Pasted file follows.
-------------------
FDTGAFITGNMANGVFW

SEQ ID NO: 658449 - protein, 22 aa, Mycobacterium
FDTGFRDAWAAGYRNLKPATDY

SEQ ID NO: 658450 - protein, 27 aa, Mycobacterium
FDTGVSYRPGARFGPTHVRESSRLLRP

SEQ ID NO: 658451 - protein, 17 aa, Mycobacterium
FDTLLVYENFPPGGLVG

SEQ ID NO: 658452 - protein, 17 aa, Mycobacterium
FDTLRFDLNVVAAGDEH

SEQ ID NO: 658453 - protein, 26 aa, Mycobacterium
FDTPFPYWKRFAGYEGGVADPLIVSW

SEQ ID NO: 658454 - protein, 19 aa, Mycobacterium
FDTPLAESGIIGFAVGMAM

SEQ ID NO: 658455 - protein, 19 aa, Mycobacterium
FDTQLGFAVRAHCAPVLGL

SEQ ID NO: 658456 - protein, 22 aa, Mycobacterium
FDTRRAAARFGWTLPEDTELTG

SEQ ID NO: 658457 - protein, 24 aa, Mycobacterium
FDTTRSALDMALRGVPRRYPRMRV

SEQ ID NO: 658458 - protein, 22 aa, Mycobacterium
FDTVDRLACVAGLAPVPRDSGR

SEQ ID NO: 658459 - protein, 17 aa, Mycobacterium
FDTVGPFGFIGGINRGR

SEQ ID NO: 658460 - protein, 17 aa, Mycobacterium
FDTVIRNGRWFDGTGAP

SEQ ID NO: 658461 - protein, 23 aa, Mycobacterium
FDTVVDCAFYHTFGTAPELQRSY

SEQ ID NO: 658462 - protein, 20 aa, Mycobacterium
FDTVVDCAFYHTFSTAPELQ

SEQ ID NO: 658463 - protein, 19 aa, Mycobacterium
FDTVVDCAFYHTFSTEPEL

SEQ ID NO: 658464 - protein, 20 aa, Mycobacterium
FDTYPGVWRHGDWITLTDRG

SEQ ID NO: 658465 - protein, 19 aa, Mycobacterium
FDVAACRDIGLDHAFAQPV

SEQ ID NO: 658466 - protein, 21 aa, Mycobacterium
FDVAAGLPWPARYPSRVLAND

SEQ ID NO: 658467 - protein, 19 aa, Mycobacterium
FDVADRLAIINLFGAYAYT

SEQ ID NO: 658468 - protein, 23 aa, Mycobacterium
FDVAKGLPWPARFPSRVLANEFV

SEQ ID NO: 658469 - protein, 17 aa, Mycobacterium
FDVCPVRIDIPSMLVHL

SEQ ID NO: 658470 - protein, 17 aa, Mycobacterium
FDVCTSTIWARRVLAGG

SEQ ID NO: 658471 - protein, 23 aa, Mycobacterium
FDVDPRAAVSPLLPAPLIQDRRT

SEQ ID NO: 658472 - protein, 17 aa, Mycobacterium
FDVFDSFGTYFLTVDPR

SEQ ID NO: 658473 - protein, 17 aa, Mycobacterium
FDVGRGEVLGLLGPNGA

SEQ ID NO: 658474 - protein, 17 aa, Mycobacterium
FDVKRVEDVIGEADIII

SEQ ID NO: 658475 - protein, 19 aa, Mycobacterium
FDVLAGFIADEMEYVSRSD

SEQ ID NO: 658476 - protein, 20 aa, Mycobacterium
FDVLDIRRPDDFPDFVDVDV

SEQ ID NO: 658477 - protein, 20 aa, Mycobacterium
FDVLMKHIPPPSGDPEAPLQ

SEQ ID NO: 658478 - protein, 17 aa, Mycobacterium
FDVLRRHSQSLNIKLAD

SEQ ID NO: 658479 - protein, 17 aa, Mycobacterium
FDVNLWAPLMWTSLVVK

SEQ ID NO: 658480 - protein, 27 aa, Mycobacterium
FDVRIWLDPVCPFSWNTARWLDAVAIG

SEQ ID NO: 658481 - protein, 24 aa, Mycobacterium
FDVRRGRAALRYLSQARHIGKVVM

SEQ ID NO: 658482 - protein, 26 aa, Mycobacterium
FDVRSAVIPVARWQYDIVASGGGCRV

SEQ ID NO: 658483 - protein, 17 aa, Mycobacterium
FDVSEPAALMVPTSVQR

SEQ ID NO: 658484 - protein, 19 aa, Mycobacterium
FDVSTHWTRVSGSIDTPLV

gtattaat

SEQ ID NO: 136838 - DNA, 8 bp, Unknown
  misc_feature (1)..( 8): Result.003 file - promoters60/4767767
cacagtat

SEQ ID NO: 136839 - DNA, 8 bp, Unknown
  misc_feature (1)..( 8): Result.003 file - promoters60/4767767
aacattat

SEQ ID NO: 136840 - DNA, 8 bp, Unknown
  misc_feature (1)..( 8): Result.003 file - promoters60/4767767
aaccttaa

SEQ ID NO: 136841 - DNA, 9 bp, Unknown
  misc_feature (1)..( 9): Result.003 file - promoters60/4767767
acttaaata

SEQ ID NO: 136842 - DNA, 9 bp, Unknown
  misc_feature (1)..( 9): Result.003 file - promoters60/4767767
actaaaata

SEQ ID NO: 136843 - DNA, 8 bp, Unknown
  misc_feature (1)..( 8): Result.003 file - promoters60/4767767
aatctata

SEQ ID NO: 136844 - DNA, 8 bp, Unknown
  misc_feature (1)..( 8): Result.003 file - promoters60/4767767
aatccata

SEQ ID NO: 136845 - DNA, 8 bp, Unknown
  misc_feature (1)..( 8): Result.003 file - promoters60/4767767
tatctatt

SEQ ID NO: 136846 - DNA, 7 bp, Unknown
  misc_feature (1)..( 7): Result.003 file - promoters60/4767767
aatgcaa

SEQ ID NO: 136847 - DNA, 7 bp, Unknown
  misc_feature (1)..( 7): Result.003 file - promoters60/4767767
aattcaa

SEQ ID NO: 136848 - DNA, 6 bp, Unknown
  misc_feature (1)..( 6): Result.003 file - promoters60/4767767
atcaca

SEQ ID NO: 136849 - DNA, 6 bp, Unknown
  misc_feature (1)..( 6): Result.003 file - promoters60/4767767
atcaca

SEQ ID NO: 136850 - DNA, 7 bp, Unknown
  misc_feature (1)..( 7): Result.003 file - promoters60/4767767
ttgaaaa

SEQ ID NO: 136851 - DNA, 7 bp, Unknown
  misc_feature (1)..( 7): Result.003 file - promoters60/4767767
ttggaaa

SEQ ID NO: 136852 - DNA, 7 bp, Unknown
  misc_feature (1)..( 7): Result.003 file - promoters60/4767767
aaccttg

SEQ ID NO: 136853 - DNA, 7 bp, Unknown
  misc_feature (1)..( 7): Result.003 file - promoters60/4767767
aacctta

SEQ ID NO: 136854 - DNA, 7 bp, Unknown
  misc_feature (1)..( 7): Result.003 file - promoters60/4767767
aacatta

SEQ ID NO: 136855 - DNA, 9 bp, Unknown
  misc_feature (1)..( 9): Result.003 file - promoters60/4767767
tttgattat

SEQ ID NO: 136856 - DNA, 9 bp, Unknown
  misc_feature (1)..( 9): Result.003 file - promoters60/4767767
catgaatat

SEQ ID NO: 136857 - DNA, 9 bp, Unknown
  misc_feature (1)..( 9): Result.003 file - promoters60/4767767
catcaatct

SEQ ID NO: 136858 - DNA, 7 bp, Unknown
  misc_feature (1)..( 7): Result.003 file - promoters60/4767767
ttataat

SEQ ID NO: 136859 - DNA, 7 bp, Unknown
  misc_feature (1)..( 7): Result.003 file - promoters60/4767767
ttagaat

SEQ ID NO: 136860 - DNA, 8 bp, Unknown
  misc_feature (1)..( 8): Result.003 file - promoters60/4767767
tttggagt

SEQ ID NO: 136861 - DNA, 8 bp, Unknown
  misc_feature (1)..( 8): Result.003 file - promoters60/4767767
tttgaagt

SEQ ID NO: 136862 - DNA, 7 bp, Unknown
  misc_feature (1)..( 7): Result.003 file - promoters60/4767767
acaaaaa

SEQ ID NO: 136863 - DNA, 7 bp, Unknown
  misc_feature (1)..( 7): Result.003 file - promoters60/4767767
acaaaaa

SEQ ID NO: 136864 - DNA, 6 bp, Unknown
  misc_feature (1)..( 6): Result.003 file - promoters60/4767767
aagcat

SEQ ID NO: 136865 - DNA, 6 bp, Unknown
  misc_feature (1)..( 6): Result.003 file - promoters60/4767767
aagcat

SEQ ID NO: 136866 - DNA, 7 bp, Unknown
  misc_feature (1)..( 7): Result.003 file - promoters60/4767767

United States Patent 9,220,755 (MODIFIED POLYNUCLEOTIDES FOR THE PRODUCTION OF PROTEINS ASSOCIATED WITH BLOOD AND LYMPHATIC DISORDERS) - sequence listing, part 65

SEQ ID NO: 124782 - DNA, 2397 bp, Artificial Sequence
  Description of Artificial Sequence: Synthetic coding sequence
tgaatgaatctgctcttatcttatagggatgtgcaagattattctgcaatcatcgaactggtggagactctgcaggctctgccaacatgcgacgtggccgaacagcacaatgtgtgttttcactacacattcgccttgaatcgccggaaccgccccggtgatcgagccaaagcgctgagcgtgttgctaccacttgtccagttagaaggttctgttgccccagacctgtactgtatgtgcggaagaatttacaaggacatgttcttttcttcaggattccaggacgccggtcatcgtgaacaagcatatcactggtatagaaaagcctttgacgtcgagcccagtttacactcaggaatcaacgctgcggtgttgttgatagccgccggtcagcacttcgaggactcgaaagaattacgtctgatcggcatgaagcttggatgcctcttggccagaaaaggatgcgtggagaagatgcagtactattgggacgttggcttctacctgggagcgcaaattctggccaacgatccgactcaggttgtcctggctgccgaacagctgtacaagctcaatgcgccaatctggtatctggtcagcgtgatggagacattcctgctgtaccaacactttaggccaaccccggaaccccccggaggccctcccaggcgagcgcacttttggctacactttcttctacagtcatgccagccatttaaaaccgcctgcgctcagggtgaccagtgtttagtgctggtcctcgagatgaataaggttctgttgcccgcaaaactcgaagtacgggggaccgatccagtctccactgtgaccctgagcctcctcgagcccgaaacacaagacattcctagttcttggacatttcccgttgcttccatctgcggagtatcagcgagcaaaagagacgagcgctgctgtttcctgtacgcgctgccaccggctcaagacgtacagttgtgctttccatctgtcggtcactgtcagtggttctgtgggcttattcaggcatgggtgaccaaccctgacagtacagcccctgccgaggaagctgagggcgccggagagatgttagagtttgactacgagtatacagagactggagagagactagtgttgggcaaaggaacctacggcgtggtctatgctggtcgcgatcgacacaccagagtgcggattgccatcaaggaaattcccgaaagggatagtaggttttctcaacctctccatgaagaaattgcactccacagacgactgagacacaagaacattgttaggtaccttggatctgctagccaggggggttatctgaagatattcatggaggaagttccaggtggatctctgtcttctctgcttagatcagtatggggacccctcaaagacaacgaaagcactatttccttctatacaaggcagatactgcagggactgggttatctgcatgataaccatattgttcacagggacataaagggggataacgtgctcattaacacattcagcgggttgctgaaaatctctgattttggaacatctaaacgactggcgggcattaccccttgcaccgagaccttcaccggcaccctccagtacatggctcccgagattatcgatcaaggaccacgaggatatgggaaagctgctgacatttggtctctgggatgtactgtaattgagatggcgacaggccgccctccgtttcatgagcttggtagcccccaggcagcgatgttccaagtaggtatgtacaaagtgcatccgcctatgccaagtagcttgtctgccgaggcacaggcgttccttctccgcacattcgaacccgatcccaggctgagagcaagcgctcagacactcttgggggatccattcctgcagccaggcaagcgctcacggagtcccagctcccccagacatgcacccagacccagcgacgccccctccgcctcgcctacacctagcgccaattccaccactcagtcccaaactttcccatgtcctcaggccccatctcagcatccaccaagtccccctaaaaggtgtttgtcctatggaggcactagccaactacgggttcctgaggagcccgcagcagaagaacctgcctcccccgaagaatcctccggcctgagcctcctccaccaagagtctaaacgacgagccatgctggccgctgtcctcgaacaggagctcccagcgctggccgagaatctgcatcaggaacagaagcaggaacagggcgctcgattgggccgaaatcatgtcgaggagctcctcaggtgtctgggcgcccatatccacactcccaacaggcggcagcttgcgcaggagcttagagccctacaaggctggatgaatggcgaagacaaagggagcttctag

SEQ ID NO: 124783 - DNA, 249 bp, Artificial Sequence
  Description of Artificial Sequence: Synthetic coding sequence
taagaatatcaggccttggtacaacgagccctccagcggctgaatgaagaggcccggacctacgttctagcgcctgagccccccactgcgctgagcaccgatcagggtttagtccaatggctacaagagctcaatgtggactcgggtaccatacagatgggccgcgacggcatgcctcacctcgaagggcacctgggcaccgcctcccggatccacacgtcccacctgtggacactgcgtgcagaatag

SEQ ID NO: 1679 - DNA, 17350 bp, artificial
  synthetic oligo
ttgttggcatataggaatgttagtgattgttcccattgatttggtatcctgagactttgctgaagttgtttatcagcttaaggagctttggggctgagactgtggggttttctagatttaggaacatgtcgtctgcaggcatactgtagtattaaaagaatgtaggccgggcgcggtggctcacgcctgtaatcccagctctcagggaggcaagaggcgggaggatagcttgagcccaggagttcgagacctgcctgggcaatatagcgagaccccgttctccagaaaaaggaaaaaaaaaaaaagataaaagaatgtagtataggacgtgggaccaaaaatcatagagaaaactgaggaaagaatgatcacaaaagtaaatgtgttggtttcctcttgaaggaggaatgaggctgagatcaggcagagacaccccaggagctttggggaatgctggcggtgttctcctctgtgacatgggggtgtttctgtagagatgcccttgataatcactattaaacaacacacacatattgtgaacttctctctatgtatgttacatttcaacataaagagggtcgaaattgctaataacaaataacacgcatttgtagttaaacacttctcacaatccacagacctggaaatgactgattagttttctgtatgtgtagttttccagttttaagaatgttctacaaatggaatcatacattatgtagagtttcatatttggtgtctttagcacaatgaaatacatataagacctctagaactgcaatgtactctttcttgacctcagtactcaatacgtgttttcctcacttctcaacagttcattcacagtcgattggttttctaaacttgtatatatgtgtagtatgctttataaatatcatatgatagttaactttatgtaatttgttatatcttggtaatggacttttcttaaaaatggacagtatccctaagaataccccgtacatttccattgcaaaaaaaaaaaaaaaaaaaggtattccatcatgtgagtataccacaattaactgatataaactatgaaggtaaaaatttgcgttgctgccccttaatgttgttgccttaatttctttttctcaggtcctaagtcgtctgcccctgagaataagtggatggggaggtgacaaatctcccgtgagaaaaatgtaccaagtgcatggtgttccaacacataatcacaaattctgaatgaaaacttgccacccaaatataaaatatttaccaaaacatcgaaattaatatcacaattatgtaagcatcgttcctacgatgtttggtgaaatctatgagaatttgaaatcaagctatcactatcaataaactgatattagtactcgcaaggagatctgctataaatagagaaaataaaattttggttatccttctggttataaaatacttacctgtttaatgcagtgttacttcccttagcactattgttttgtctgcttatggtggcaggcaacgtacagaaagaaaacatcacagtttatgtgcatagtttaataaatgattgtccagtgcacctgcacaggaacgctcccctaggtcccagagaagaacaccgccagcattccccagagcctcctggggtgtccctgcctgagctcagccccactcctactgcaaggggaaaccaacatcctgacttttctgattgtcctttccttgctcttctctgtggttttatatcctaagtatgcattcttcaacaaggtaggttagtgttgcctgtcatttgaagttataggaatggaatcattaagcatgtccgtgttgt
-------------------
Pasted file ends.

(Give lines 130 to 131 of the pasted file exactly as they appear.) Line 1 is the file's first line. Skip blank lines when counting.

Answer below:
  misc_feature (1)..( 9): Result.003 file - promoters60/4767767
catgaatat